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preform

[v. pree-fawrm; n. pree-fawrm] /v. ˈpriˈfɔrm; n. ˈpriˌfɔrm/
verb (used with object)
1.
to form beforehand.
2.
to determine or decide beforehand:
to preform an opinion.
3.
to shape or fashion beforehand:
to preform a mold.
noun
4.
biscuit (def 5).
5.
any of various uncompleted objects of manufacture after preliminary shaping.
Origin of preform
1595-1605
1595-1605; < Latin praefōrmāre. See pre-, form
Related forms
nonpreformed, adjective
Dictionary.com Unabridged
Based on the Random House Dictionary, © Random House, Inc. 2015.
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Examples from the Web for preformed
Contemporary Examples
Historical Examples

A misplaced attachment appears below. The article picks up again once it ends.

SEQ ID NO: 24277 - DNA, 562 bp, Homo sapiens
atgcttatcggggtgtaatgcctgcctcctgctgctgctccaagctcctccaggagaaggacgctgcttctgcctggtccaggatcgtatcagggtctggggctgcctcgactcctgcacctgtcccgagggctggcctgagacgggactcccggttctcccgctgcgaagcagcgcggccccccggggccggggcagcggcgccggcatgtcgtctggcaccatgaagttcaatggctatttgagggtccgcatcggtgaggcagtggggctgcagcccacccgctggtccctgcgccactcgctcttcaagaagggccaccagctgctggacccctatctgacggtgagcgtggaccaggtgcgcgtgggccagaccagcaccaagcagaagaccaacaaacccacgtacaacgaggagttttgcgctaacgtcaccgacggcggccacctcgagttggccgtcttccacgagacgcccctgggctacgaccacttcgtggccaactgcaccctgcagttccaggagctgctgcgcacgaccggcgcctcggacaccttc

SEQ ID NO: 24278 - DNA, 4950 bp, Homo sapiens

• Hence it is extremely difficult to distinguish what is preformed, and what is artefact.

    Histology of the Blood Paul Ehrlich
  • In her lay a Godframed Godgiven preformed possibility which thou hast fructified with thy modicum of man's work.

    Ulysses James Joyce
  • Adhering closely to a preformed plan, he carefully and narrowly circumscribed the scope and order of instruction.

    Clever Hans Oskar Pfungst
  • I admit that that might be so, if God had so preformed matter as to cause such an effect by the laws of motion alone.

    Theodicy G. W. Leibniz
  • Such action is mechanical (or becomes so), no matter what the scope of the preformed end, be it the Will of God or Kultur.

    Creative Intelligence John Dewey, Addison W. Moore, Harold Chapman Brown, George H. Mead, Boyd H. Bode, Henry Waldgrave, Stuart James, Hayden Tufts, Horace M. Kallen
Word Origin and History for preformed
adj.

c.1600, from Latin praeformare or else from pre- + formed (see form (v.)). Of plastic and synthetic products, from 1918.

Online Etymology Dictionary, © 2010 Douglas Harper
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17
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